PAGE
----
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Republicans hide behind Trump in gun debate

Republicans hide behind Trump in gun debate

poster=”http://v.politico.com/images/1155968404/201908/2461/1155968404_6068231289001_6068234472001-vs.jpg?pubId=1155968404″ true congress Republicans hide behind Trump in gun debate GOP lawmakers are sticking with the president and the NRA. By MELANIE ZANONA, MARIANNE LEVINE and SARAH FERRIS 08/05/2019 06:41 PM EDT Share on Facebook Share on Twitter President Donald Trump briefly raised eyebrows Monday when he tweeted an endorsement of stronger background checks, tied…


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Republicans hide behind Trump in gun debate

GOP lawmakers are sticking with the president and the NRA.

President Donald Trump briefly raised eyebrows Monday when he tweeted an endorsement of stronger background checks, tied to immigration reform, after the nightmarish mass shootings over the weekend.

But skeptical Republicans familiar with Trump’s mercurial nature didn’t rush out to embrace the idea.

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“There aren’t many Republicans who trust that the president won’t change his mind,” said one senior GOP lawmaker.

Not 30 minutes later, Trump used a White House address to call for changing mental health laws and implementing “red flag” laws — far more modest proposals — while condemning white supremacy and avoiding the topic of background checks altogether.

“Mental illness and hatred pulls the trigger, not the gun,” Trump said. “I am open and ready to listen and discuss all ideas that will actually work and make a very big difference.”

Congressional Republicans are ignoring Democratic demands for stricter gun control after at least 31 people were killed over the weekend in El Paso, Texas, and Dayton, Ohio. They’re far more comfortable blaming the increasingly frequent horrors on problems with mental health or American culture than in taking on the National Rifle Association and conservative grassroots activists.

Assault Weapons Background Checks Weapon Registry

So Trump’s lightning-fast shift in focus may give some cover to Republicans, who want to stand with the president and remain aligned with GOP orthodoxy.

Trump’s allies on Capitol Hill quickly mobilized to affirm the president’s stance.

Sen. Lindsey Graham (R-S.C.) said he would introduce legislation encouraging more states to adopt red flag laws, which allow local law enforcement officials to temporarily seize guns from people who may pose a risk to themselves or others.

House Minority Leader Kevin McCarthy had cited video games on Sunday as a potential cause of violence in the country. On Monday, the California Republican praised the president for condemning racism, bigotry and white supremacy in his Monday morning address.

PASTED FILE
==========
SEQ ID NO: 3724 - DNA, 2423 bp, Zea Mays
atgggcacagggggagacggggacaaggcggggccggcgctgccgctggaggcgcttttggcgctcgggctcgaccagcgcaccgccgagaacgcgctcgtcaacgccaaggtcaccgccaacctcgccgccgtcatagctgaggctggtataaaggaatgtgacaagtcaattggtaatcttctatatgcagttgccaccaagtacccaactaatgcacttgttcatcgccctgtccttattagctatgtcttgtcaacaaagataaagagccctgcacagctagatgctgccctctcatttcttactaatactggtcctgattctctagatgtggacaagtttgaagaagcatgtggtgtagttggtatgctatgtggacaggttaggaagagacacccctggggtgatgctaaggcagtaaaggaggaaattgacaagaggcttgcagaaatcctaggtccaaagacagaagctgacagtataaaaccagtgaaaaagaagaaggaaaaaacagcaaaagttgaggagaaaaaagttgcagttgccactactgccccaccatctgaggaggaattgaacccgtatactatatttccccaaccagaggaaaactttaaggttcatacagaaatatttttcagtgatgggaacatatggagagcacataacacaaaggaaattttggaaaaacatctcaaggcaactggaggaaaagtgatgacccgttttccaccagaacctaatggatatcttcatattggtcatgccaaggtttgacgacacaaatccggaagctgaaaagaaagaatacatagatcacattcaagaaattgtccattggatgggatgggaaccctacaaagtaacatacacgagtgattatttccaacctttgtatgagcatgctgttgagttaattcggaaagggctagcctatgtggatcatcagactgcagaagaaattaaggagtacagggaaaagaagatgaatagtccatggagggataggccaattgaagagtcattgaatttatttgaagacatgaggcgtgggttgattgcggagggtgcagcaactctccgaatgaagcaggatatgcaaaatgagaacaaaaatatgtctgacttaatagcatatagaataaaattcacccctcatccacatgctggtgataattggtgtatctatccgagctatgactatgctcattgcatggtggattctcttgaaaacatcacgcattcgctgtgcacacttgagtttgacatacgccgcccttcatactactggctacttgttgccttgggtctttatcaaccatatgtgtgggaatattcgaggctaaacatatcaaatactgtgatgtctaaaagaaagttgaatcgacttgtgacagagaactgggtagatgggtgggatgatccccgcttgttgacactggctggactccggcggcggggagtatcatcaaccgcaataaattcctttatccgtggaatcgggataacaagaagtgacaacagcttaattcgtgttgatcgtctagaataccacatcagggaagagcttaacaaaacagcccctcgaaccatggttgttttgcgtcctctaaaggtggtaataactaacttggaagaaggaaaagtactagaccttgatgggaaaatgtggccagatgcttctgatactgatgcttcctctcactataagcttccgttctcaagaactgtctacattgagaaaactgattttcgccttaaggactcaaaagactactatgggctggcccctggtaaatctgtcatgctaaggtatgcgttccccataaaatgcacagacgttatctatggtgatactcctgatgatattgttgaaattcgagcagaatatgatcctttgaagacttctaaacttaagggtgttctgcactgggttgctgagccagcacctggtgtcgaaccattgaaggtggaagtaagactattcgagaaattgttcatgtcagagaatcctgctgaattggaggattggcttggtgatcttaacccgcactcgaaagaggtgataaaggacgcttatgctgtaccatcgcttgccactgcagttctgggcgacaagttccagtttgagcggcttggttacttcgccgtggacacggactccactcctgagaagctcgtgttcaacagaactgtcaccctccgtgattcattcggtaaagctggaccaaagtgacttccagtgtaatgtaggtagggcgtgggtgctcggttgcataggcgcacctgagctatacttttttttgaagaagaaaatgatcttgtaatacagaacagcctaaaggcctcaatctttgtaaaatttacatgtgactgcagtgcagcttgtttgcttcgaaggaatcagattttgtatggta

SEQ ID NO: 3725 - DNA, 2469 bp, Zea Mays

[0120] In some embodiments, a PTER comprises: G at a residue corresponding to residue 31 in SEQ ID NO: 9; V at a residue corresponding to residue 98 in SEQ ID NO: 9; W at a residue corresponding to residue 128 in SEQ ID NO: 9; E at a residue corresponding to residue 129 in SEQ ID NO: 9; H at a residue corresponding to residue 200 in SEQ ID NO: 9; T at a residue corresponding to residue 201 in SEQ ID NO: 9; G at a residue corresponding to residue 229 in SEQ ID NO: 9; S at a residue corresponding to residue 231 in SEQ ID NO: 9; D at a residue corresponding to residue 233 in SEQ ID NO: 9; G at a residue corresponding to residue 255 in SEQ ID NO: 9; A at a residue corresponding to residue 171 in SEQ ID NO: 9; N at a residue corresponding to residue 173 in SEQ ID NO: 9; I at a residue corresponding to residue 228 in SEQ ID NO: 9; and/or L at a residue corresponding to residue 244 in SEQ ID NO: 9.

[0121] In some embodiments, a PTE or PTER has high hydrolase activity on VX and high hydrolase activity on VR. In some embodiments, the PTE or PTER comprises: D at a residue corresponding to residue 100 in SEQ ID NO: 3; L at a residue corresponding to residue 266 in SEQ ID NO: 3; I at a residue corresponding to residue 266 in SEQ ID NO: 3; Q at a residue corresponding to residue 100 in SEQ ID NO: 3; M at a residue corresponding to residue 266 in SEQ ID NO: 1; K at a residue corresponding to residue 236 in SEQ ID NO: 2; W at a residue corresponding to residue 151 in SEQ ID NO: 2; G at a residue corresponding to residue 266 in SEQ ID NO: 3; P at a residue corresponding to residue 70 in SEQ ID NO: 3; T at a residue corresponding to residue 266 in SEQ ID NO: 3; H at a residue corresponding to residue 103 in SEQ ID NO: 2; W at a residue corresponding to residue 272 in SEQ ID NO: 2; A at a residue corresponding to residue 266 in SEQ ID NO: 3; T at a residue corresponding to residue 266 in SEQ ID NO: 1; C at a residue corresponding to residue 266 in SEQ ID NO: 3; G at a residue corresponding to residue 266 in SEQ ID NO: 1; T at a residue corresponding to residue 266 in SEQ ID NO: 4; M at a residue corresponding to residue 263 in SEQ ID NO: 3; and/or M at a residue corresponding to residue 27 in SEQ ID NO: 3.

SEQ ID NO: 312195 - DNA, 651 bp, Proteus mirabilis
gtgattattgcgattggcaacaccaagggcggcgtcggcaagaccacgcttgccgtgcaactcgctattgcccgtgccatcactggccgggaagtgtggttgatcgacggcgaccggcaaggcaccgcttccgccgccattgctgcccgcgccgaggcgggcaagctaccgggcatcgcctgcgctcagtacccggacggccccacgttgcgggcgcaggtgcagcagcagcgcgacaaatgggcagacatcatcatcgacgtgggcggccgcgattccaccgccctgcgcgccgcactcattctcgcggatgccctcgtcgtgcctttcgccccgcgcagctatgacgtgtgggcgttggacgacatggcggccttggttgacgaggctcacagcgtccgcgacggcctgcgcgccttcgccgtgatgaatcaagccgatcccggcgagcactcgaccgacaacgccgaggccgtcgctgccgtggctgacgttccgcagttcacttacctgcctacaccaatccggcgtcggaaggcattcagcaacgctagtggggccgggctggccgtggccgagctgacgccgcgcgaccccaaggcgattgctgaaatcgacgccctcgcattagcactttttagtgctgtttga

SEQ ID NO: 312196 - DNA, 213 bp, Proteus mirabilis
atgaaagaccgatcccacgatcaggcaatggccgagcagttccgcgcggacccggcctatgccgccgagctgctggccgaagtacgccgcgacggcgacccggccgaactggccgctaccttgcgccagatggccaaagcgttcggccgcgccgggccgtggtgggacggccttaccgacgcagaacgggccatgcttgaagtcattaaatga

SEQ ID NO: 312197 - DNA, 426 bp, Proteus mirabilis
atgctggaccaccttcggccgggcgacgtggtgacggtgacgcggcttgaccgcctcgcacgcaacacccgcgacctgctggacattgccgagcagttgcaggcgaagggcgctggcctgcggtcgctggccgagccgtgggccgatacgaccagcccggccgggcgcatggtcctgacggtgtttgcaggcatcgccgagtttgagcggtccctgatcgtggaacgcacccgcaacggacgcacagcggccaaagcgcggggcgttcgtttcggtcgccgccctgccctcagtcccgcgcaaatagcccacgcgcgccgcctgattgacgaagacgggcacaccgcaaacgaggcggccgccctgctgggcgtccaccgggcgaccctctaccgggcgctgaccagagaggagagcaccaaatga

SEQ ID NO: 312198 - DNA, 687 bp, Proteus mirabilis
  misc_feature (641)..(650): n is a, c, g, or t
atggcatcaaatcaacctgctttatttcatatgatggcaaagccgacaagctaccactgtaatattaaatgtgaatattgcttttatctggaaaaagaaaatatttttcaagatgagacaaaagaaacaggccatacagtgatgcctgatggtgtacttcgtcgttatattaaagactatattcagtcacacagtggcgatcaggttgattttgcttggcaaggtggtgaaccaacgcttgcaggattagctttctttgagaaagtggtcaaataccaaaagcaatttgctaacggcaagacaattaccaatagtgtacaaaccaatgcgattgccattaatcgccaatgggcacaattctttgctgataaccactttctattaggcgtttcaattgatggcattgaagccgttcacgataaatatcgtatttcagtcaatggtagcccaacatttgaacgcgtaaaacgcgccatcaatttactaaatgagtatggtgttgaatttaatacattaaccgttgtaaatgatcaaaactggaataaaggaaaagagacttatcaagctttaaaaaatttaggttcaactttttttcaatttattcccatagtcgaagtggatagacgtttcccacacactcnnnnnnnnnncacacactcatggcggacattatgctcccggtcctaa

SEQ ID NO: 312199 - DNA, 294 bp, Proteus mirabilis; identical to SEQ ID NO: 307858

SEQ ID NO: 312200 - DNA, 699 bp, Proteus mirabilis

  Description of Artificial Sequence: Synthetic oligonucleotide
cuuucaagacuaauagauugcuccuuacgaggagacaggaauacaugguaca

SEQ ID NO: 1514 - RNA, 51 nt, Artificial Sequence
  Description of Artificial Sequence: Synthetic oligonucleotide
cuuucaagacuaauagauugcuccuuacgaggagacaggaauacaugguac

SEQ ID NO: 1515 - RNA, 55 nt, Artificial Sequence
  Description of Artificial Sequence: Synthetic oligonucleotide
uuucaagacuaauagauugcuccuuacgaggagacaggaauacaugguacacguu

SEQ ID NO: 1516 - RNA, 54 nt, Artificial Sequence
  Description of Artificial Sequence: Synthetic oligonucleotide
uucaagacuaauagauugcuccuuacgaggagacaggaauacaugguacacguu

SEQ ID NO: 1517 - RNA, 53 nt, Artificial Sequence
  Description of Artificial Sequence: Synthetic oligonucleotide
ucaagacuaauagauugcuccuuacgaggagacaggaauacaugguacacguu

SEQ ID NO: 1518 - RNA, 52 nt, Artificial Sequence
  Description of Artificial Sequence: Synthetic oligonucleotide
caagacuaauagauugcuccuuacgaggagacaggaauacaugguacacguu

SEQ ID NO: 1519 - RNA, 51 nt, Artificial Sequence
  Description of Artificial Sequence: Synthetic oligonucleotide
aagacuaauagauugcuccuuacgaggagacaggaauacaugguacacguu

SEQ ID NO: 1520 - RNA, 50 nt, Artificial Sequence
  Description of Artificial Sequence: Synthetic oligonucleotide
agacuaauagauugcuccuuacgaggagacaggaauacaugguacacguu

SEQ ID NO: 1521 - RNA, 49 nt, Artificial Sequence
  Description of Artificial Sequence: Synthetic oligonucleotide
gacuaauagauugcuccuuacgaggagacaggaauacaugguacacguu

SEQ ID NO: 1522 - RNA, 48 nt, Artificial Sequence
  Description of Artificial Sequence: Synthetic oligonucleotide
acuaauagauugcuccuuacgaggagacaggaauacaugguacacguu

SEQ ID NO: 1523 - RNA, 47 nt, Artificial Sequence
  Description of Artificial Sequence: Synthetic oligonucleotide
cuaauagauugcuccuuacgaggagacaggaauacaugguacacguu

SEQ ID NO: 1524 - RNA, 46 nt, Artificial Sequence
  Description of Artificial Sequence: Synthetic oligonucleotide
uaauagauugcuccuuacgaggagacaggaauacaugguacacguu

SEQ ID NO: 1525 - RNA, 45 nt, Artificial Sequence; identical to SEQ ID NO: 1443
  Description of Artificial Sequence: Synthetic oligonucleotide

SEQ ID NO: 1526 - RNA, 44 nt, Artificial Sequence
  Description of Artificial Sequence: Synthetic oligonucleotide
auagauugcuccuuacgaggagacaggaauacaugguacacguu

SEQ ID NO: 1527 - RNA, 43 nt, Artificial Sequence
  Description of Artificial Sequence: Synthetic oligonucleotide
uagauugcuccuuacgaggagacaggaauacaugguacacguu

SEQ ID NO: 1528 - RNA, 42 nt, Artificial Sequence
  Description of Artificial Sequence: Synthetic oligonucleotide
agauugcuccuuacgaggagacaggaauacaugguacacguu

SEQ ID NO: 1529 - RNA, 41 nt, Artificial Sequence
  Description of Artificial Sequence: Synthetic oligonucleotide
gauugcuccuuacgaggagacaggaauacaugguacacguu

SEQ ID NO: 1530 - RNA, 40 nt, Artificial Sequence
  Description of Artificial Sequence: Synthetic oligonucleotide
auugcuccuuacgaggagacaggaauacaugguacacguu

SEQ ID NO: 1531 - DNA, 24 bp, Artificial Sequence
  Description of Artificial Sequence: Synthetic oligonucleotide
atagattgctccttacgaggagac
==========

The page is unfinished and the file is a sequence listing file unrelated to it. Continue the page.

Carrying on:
“Couldn’t agree more, Mr. President,” McCarthy said in a tweet that marked his only response to Trump’s comments.

Senate Majority Leader Mitch McConnell said in a statement Monday that GOP senators are “prepared to do our part” to answer the president’s call and work in a bipartisan fashion.

The Kentucky Republican also said he encouraged several committee chairmen, including Graham, to “engage in bipartisan discussions of potential solutions.” But he made no promises about taking any action on the floor and dismissed “partisan theatrics and campaign-trail rhetoric,” in a shot presumably aimed at Democrats hammering him.

Meanwhile, Congress is out for its August recess, with some GOP lawmakers abroad on congressional delegation trips, which has also given them cover from having to respond to Trump — or reporters — directly. Those who have responded largely sidestepped questions about their position on strengthening background checks.

Democrats are vowing to keep the pressure on the GOP.

Senate Minority Leader Chuck Schumer and House Speaker Nancy Pelosi issued a joint statement urging McConnell to bring the Senate back to Washington and pass legislation from the Democratic-controlled House requiring universal background checks.

Democrats also panned Trump’s initial idea of pairing changes to background check laws with immigration reform.

“I thought the president’s tweet this morning somehow linking immigration reform to this issue was obscene,” said Sen. Dick Durbin (D-Ill.) at a news conference in Illinois. “There is no connection — putting kids in cages at the border for longer periods of time will not stop mass shootings in America.”

Some Democrats expressed hope that Trump would follow through on his tweet, even as they acknowledged he’s made similar promises before, only to retreat under pressure from the right.

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